The White House has been usurped by a Kenyan socialist named Barry Soetero, who hatched an elaborate plot to pass himself off as a citizen of the United States - a plot the media refuse to even investigate. This president doesn't just claim the right to assassinate suspected terrorists who are beyond the reach of law enforcement - he may be planning on rounding up his ideological opponents and putting them into concentration camps if he is reelected. He may have murdered a blogger who was critical of his administration, but authorities refuse to investigate. At the very least, he is plotting on disarming the American public after the election, in accordance with a secret deal cut with the UN and possibly with the assistance of foreign troops.

On issues as diverse as immigration, terrorism, violent crime, "sharia law," "death panels," global warming "hoaxes," gay "indoctrination" in sex-ed classes, rampant voter fraud, and the ever-popular "War on Christmas," Holland implores us not to "look at these specters haunting the right with exasperation or amusement, but just consider for a moment how bleak the world looks to those who buy into these ideas." It's hard to be empathetic toward their self-inflicted fantasies when they're burying us under a blizzard of bullshit, but we must try.

In his piece on anti-gay pseudoscience, Mooney examines "the underlying psychology behind how conservatives, especially religious ones, can believe such falsehoods" about same-sex marriage (such as Amendment 1 in North Carolina) and asks "Don't Christian conservatives want to be factually right, and to believe what's true about the world?:"

And shouldn't a proper reading of this research actually come as a relief to them, and help to assuage their concerns about dangerous social consequences of same-sex marriage or civil unions? If only it were that simple. We all want to be right, and to believe that our views are based on the best available information. But in this case, Christian conservatives utterly fail to get past their emotions, which powerfully bias their reasoning.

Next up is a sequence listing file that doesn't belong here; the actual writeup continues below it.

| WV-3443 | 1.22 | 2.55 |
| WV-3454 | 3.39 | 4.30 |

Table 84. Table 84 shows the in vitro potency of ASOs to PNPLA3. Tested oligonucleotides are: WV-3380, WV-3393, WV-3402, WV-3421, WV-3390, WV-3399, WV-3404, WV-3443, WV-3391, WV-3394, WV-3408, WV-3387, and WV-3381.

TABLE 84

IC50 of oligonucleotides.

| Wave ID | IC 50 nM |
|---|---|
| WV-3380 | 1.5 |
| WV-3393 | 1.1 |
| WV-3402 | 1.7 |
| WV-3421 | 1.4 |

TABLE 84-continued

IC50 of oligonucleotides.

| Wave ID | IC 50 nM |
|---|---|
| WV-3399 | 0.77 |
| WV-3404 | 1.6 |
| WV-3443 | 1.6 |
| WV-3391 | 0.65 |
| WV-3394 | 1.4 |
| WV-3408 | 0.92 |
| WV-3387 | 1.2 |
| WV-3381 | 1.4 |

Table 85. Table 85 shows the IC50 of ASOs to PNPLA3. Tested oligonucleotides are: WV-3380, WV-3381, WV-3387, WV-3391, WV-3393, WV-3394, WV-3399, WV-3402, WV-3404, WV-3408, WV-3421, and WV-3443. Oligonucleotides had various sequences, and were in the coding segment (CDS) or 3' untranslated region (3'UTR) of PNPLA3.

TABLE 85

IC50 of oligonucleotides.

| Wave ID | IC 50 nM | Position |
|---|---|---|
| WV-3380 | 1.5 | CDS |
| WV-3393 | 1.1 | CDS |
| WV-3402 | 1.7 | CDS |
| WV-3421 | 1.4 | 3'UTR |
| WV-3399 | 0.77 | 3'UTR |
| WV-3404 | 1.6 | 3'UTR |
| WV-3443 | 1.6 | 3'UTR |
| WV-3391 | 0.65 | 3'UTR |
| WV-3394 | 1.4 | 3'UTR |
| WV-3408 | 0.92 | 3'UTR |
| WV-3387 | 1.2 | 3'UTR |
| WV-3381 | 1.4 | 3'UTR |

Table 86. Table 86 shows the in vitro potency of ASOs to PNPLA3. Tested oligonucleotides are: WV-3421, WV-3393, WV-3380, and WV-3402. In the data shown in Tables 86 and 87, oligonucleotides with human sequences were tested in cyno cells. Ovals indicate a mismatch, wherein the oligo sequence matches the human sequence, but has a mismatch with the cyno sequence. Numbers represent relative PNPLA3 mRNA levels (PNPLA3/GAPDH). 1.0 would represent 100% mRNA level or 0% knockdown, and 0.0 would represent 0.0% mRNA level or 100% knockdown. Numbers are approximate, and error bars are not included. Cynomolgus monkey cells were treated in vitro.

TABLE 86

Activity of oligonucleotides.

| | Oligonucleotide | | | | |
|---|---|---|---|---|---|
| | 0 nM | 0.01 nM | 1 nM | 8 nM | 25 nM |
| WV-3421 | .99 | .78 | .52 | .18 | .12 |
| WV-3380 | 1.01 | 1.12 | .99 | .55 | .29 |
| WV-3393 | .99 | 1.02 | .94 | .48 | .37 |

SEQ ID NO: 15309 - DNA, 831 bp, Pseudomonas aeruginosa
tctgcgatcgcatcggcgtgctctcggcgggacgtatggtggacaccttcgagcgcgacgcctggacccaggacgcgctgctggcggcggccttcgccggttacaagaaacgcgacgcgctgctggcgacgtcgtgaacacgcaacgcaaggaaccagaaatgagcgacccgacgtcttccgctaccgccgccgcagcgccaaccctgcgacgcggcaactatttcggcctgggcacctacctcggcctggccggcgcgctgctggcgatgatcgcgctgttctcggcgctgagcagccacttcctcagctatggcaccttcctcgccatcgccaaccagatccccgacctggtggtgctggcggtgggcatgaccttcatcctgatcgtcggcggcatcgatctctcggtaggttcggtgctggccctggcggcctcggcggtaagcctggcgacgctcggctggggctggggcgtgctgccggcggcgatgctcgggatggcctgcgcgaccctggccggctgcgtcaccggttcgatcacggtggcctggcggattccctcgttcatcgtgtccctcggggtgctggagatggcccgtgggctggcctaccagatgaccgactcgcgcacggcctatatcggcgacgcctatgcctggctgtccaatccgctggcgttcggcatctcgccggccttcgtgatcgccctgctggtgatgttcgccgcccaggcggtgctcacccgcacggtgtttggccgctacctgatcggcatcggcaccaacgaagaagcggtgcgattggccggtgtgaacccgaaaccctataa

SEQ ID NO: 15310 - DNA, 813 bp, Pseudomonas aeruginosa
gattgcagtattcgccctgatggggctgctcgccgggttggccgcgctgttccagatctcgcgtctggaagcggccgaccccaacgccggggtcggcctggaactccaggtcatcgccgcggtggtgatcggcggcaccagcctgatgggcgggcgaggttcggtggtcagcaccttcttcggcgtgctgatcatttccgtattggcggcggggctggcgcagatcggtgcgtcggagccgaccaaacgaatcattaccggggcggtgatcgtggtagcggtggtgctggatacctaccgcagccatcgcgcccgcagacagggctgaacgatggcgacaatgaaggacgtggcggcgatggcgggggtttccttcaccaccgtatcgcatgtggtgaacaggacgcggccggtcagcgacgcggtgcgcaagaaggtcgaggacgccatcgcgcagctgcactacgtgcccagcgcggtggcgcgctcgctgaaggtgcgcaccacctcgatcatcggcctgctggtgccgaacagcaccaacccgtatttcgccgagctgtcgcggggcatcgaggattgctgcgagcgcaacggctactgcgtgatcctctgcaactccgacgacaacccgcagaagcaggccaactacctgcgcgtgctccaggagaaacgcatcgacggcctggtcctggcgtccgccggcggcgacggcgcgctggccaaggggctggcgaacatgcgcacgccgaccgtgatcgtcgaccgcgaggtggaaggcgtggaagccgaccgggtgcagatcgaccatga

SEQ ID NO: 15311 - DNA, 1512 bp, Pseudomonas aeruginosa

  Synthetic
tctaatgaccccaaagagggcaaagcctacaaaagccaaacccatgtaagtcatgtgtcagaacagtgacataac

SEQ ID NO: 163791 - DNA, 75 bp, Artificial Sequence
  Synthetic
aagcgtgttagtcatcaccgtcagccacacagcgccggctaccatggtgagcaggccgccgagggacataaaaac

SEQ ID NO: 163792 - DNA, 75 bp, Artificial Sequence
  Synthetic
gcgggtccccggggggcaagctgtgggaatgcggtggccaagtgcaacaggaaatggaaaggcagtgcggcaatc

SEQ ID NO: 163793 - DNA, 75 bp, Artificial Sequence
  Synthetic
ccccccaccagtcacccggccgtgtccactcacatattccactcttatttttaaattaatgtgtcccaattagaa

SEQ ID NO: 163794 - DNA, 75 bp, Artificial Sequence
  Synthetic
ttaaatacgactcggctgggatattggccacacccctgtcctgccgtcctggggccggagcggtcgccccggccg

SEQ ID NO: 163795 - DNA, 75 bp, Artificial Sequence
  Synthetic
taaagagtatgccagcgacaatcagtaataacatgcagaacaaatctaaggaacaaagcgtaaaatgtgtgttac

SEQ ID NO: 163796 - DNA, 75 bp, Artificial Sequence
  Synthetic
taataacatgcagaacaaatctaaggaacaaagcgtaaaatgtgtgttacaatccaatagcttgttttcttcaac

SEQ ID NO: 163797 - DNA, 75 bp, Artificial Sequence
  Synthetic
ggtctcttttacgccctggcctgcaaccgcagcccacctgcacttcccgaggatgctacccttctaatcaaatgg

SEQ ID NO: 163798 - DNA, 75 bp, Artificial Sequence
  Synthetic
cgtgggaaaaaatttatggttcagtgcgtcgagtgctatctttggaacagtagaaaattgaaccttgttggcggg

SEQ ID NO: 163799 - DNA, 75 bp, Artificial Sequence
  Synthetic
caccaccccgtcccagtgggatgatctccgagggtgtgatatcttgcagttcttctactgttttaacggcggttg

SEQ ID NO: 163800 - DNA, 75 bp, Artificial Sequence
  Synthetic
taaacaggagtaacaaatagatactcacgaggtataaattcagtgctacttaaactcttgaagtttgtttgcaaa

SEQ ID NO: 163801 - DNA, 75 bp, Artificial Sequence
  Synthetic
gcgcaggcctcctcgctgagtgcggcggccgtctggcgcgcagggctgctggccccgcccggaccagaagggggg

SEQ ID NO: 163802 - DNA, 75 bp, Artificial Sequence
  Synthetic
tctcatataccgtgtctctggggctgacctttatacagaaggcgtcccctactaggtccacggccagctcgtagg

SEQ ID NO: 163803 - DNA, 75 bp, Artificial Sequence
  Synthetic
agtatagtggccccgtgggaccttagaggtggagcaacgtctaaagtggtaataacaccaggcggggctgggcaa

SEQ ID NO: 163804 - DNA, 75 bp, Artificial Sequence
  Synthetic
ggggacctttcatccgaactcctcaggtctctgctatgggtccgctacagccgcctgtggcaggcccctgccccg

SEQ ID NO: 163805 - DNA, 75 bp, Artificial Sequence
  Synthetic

"Christian conservatives," he observes, "rely on their gut emotions to come up with wrong beliefs:"

Their deep emotional convictions guide the retrieval of self-supporting information that they then use to argue with, to prop themselves up. It isn't about truth, it's about feeling that you're right -- righteous, even.

"In the end," he concludes, "facts are facts -- and emotions and gut instincts are an utterly unreliable way of identifying them:"

We can try to be understanding of people different from us -- even when they're manifestly failing at the same task. But the latest research makes it more untenable than ever to base public policy on gut-driven misinformation.

update (5/3):
Amanda Marcotte contemplates the psychology involved, and asks, "Do they really believe this shit?"

I'm not so sure. I've said it before, but I think it's worth repeating: I think they only "believe" it. Which is to say, there are two kinds of ways people believe something. They have things they believe because they're factually accurate: That it's raining outside, that items dropped will fall, that Barack Obama is President. Then there's stuff that isn't real that people believe: that there's a God in heaven and an afterlife, that miracles happen, ghosts exist. These are things you don't really believe in the same way you believe in truths. It's more that these beliefs are convenient to apply a belief-like approach to, because the stories make you feel good or, more commonly, because joining in the belief connects you to your community.

In the end, she writes, "I don't think they believe-believe this stuff:"

I think they're just confused about the difference between fake belief and real belief, though I think they're highly motivated to be confused about it. After all, that confusion helps generate right wing identity. They may even mistakenly believe it's politically beneficial, though the available evidence shows that it instead causes everyone else to think they're nut jobs.